Isn’t the point of the xerox or such focus points in the show, that this is precisely the perspective of one long strange, schizoid ad pitch colliding with actual memory – it has to be, this being about American culture after the war – and it is perfectly represented by Don’s now infamous first season Kodak Carousel pitch, constructing a synthetic family nostalgia/technology projection as “safe spot”, that he creates on the spot by an epiphany, to draw from his fears of his own identity ripping open any second at the seams. It wouldn’t resonate in the same way if we didn’t have this kind of equilibrium set up in the television show, where indeed the Xerox machine was the latest in a series of holy grails and so on.

    Mad Men also has the overall heightened, synthetic feel of certain 80s cinema, but toned down to relieve us of the ironic winks and the cynical rejoinders of “its all just empty compared to the original”. (In that way it could be a cousin to the Venture Bros. and their relation to the original cartoons, but that’s another story) It passes a line through the 90s and 00s and sutures it back to the point where society is just easing out of the postwar “degree 0” starting point (again, see Dick’s backstory)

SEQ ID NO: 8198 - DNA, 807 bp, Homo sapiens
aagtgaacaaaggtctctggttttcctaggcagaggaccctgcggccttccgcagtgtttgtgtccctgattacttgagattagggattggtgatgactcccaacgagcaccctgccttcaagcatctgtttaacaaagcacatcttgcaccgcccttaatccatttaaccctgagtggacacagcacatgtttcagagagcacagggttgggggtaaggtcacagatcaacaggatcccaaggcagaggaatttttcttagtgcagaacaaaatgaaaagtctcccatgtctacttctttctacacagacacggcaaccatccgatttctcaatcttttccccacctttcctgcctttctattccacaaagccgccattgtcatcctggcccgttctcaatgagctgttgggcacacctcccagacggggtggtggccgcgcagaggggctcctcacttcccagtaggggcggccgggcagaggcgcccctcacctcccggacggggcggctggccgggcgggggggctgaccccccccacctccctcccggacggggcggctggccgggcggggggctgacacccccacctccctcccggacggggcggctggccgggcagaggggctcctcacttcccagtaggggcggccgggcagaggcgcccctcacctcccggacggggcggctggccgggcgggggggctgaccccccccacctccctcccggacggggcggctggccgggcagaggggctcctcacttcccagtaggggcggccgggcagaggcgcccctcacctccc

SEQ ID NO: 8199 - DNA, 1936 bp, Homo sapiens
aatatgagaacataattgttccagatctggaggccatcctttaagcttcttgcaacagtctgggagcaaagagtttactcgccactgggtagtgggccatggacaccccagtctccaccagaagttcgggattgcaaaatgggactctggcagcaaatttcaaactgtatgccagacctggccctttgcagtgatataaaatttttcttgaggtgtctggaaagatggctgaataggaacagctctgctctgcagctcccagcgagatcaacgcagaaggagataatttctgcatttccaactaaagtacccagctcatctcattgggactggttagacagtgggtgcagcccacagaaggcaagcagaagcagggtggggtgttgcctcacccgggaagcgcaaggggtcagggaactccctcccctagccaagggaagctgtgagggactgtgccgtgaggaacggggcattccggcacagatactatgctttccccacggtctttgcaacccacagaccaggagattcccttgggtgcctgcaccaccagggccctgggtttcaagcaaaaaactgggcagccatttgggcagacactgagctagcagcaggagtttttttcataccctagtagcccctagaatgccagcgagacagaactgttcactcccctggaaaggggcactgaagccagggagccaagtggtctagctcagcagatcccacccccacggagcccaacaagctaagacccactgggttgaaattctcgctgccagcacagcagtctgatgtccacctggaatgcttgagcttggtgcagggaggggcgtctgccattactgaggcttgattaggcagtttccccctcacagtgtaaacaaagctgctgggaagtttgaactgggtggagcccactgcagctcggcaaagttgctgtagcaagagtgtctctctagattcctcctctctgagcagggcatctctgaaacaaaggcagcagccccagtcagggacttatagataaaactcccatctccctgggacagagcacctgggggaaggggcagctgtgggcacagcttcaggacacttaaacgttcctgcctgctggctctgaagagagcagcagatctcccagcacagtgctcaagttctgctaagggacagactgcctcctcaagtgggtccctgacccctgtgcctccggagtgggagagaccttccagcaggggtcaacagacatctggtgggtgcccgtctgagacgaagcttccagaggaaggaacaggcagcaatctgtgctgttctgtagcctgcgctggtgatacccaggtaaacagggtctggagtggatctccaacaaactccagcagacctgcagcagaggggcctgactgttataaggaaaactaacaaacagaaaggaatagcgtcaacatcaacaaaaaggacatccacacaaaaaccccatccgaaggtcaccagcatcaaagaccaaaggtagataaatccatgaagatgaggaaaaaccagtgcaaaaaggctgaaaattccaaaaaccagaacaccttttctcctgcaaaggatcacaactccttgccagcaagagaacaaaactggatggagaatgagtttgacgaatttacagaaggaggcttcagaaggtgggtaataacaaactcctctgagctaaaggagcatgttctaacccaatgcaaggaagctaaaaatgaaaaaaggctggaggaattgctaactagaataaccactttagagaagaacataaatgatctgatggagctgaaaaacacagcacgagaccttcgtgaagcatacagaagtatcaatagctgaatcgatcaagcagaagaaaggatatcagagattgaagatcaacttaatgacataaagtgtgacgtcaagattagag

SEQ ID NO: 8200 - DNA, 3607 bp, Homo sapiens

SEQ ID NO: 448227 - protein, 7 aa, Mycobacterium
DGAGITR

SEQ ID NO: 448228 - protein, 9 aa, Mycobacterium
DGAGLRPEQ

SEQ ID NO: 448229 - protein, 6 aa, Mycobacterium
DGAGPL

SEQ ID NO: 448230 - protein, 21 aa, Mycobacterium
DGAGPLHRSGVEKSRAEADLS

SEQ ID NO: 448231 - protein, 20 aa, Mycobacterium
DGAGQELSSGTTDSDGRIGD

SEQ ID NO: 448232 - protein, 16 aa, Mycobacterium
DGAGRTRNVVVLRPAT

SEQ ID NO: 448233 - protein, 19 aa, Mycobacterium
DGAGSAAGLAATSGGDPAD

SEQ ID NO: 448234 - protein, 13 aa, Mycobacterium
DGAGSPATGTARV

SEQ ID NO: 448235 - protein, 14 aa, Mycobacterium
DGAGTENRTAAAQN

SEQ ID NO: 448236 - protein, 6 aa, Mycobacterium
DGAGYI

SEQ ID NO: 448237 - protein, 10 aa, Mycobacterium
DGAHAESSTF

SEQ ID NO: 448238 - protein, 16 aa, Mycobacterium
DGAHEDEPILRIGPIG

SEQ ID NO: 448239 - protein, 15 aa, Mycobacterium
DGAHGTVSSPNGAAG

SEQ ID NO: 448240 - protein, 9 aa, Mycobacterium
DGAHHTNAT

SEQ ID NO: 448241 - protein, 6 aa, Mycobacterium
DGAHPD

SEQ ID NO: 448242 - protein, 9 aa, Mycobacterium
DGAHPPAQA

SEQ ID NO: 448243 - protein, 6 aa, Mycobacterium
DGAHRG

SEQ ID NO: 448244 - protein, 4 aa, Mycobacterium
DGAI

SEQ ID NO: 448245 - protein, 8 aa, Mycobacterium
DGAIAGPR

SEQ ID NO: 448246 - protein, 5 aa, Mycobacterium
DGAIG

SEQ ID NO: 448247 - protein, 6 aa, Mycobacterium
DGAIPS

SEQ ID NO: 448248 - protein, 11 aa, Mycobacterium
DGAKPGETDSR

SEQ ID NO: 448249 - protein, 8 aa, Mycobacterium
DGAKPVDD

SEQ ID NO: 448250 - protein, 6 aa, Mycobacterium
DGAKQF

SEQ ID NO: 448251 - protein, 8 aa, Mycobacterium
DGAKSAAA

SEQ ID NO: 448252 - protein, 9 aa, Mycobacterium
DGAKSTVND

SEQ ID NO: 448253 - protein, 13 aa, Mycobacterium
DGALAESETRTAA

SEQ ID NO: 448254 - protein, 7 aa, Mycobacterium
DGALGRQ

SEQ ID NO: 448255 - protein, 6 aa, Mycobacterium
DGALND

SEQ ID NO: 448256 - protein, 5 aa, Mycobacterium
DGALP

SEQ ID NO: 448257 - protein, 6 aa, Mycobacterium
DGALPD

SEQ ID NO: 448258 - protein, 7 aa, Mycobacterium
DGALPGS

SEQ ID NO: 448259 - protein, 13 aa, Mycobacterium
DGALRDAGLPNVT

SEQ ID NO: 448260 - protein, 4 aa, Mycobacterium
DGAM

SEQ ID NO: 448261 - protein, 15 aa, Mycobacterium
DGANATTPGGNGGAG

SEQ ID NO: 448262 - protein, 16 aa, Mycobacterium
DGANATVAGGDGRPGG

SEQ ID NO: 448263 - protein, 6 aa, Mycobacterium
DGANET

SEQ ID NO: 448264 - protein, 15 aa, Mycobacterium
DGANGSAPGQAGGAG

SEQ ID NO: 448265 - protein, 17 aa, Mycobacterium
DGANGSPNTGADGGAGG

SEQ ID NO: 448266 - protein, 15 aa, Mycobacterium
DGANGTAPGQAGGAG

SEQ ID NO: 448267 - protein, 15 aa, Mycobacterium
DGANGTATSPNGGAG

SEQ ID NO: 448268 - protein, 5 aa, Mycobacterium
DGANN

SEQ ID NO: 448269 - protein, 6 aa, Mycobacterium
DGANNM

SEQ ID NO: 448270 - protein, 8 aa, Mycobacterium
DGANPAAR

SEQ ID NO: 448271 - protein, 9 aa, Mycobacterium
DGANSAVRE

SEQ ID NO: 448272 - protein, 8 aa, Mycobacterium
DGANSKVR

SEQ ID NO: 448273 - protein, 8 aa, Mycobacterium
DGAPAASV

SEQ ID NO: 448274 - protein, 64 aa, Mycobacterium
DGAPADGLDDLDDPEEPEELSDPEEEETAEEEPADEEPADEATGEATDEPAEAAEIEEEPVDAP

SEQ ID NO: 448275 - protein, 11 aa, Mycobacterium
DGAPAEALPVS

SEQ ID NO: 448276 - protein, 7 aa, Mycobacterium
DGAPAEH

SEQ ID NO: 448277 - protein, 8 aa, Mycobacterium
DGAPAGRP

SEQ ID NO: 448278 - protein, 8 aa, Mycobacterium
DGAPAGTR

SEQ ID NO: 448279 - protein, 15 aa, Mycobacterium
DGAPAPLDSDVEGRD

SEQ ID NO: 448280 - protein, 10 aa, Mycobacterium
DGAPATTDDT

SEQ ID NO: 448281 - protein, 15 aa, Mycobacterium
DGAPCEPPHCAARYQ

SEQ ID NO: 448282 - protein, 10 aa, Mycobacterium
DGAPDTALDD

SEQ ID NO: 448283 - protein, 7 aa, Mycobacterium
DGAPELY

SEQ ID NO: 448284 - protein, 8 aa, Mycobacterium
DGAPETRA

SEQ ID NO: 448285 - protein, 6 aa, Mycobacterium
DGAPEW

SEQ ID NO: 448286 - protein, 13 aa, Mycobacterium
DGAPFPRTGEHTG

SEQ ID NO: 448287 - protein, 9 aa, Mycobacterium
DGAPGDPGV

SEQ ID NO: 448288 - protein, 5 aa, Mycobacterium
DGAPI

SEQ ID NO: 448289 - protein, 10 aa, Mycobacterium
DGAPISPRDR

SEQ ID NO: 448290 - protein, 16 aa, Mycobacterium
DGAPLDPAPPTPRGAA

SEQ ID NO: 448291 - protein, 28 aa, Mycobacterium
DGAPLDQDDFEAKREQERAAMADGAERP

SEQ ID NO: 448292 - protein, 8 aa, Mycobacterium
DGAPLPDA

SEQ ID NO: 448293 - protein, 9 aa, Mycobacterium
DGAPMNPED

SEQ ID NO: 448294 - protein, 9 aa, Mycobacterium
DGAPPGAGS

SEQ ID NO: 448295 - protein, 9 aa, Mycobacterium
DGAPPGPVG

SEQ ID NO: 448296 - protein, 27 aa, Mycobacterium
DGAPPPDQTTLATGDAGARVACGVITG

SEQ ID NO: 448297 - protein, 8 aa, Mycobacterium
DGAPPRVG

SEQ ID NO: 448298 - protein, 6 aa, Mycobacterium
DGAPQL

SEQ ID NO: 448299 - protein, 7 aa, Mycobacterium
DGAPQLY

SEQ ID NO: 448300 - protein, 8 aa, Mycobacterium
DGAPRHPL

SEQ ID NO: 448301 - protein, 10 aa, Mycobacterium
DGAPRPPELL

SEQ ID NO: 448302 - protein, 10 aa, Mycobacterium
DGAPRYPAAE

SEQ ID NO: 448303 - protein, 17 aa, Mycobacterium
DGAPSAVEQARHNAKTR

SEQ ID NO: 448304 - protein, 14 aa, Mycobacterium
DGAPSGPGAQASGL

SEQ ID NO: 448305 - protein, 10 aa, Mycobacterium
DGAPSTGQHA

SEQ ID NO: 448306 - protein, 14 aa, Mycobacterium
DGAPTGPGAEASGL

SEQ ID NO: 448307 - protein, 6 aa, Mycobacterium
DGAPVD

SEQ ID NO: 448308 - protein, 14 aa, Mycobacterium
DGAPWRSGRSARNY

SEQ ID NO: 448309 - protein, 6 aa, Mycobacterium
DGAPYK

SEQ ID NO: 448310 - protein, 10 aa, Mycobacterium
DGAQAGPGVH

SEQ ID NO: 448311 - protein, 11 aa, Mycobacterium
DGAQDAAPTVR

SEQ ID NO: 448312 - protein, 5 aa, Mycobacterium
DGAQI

The whole was already basically perfectly represented by the splitting cultural representative Don/Dick, where it’s never clear should we empathize with Dick, Don or just be fascinated with the surfaces reflecting a kind of repulsion at work in the American re-invention drive operating at full speed.

    Plus I loved the ending of the this season, where in order to jump start the new company and bring everyone on board, they had to be fired first to be reborn in the new Sterling Cooper vII. And to have this happen, Don had to go to all those involved and sum up everyone’s character to their face, how he sees them – he introduces them to the “re-invention” at work at the same time he reveals something important for us about how he sees them this past year. It’s a brilliant way to reshuffle the deck and start what is going to be mighty interesting.

    Arthur F